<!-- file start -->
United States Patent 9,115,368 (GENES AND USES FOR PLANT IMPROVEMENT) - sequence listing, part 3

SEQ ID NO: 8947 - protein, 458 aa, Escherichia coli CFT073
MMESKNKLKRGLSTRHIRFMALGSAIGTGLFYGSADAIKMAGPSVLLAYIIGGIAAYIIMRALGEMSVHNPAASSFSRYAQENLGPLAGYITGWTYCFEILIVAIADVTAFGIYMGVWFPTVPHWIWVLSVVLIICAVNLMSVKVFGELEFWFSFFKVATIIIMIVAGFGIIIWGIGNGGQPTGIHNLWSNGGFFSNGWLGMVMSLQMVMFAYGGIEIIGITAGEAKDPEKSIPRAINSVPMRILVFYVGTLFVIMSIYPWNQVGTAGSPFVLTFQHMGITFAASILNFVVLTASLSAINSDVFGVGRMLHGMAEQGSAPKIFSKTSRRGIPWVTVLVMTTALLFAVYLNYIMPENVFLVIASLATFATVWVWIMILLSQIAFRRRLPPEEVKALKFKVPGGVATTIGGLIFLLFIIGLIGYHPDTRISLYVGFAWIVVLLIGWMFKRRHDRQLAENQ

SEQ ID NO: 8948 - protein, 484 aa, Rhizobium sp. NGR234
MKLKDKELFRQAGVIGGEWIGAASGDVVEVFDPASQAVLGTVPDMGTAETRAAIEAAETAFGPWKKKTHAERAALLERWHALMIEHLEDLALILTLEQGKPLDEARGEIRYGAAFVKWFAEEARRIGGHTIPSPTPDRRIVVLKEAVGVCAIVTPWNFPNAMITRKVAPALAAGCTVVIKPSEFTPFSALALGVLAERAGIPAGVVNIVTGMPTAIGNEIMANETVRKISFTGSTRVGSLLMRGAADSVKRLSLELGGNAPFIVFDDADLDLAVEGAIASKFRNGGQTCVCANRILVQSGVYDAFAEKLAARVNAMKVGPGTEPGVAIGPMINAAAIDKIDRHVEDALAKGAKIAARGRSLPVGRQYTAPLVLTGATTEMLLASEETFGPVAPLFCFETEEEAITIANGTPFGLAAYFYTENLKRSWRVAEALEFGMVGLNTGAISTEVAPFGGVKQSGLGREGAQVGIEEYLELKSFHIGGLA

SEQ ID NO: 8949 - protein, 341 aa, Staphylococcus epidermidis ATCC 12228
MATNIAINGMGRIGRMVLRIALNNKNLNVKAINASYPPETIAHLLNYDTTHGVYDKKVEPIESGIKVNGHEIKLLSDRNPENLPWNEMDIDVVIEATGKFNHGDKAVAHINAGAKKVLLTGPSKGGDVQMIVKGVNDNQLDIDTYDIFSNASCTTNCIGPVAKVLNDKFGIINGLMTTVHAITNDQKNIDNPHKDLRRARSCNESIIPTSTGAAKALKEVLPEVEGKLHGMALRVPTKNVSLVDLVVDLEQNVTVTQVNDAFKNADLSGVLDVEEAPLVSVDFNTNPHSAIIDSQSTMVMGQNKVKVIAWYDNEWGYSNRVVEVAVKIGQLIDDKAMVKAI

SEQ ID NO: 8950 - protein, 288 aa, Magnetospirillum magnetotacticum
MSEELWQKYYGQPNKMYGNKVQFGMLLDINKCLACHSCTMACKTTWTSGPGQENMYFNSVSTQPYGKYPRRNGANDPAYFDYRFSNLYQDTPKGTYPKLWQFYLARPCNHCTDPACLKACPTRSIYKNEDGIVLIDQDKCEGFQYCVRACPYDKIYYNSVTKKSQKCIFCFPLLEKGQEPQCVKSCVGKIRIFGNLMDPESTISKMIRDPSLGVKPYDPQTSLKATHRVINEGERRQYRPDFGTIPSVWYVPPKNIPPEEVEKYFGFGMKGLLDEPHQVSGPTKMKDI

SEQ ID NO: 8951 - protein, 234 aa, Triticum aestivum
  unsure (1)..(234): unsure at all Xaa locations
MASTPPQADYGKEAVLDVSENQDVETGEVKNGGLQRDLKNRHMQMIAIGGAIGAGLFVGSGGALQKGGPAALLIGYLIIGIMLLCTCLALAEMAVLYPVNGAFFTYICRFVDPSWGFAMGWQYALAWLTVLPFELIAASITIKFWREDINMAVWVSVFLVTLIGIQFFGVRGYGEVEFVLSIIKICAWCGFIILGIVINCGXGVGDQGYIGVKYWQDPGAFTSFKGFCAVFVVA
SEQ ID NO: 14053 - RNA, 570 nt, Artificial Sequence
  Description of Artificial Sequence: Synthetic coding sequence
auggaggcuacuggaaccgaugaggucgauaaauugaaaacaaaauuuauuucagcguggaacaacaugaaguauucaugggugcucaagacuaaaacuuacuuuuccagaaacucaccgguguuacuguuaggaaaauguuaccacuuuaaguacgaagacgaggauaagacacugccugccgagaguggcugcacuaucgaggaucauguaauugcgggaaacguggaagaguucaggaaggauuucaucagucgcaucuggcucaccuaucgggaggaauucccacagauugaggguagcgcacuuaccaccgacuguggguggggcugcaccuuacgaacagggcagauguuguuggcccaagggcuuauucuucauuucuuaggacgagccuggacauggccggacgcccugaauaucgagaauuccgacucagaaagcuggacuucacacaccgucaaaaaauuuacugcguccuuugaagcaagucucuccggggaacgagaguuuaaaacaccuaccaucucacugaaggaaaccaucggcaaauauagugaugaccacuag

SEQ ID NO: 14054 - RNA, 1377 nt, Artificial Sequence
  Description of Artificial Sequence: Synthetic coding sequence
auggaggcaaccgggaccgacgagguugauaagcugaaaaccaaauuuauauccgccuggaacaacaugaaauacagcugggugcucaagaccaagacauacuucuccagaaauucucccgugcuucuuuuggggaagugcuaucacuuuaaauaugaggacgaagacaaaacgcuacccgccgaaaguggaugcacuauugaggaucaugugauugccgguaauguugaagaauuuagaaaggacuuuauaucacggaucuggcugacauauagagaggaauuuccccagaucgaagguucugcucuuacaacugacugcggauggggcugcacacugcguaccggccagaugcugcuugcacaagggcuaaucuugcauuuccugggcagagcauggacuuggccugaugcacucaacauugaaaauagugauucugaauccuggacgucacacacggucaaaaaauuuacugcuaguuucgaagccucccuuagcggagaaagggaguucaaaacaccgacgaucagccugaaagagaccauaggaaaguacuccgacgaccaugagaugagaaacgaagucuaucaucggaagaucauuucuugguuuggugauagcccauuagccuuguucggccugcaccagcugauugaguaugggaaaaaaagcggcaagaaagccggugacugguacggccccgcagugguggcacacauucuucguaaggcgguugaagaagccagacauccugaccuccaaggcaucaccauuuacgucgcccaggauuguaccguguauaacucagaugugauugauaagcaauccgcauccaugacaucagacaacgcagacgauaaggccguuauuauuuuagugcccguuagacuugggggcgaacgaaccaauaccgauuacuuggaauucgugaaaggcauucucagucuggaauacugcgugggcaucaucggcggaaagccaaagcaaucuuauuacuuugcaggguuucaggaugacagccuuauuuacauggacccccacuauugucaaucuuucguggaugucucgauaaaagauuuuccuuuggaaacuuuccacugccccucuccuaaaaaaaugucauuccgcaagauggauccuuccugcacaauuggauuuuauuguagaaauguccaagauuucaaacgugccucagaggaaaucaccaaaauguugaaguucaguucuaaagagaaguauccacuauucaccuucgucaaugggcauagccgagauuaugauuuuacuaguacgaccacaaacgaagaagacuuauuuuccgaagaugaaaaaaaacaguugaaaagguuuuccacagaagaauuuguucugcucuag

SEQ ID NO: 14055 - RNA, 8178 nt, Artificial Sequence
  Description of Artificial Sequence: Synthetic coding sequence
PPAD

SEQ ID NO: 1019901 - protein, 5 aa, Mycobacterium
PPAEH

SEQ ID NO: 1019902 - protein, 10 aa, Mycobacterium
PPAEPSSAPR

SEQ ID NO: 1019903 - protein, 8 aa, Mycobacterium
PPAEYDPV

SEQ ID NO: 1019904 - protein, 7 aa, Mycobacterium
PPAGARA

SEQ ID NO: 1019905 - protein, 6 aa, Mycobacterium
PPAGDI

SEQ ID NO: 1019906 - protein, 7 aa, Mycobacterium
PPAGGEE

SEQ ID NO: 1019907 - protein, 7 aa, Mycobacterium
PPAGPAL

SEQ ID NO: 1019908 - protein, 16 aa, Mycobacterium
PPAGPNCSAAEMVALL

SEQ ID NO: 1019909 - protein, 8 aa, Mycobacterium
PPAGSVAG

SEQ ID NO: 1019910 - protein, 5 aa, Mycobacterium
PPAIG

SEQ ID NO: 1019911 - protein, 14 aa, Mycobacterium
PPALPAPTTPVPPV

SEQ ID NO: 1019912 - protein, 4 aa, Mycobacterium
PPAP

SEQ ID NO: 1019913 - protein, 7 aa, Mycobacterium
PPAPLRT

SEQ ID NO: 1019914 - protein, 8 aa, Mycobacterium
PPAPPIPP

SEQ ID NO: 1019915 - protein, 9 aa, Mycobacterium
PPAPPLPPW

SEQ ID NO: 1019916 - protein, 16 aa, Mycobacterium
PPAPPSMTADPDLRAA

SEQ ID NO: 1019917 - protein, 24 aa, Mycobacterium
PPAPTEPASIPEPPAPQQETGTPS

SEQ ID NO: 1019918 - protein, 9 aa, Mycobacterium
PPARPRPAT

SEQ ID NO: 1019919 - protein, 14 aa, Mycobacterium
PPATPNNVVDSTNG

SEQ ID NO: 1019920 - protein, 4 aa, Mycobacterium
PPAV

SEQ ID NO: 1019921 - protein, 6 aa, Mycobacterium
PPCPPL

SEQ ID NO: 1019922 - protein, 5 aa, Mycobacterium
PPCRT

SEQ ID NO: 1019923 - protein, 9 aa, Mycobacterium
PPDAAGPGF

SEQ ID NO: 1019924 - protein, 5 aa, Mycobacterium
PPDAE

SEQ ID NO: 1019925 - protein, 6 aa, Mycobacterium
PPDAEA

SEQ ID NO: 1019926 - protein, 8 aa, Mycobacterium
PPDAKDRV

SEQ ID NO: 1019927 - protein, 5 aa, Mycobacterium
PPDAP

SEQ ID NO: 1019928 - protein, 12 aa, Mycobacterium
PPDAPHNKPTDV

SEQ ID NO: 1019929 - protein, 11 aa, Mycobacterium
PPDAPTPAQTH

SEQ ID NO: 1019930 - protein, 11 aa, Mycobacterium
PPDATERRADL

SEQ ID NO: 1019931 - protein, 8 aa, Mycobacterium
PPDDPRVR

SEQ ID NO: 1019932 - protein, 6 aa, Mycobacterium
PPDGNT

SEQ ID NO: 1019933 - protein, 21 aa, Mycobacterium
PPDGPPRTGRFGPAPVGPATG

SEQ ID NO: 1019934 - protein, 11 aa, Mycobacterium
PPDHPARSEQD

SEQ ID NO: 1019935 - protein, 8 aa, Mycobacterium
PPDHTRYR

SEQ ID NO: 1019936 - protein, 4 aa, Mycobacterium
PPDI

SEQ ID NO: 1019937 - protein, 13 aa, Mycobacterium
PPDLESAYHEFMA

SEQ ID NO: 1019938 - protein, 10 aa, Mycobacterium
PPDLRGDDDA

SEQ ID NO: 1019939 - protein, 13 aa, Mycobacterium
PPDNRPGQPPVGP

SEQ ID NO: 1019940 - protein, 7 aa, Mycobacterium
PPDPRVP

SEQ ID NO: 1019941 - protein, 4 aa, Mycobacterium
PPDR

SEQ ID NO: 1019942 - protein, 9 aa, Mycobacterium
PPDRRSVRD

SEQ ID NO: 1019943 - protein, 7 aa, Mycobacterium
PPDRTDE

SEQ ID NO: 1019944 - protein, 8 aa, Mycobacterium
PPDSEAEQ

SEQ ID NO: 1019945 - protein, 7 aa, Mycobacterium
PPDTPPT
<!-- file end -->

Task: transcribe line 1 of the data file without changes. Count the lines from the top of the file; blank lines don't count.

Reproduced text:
United States Patent 9,115,368 (GENES AND USES FOR PLANT IMPROVEMENT) - sequence listing, part 3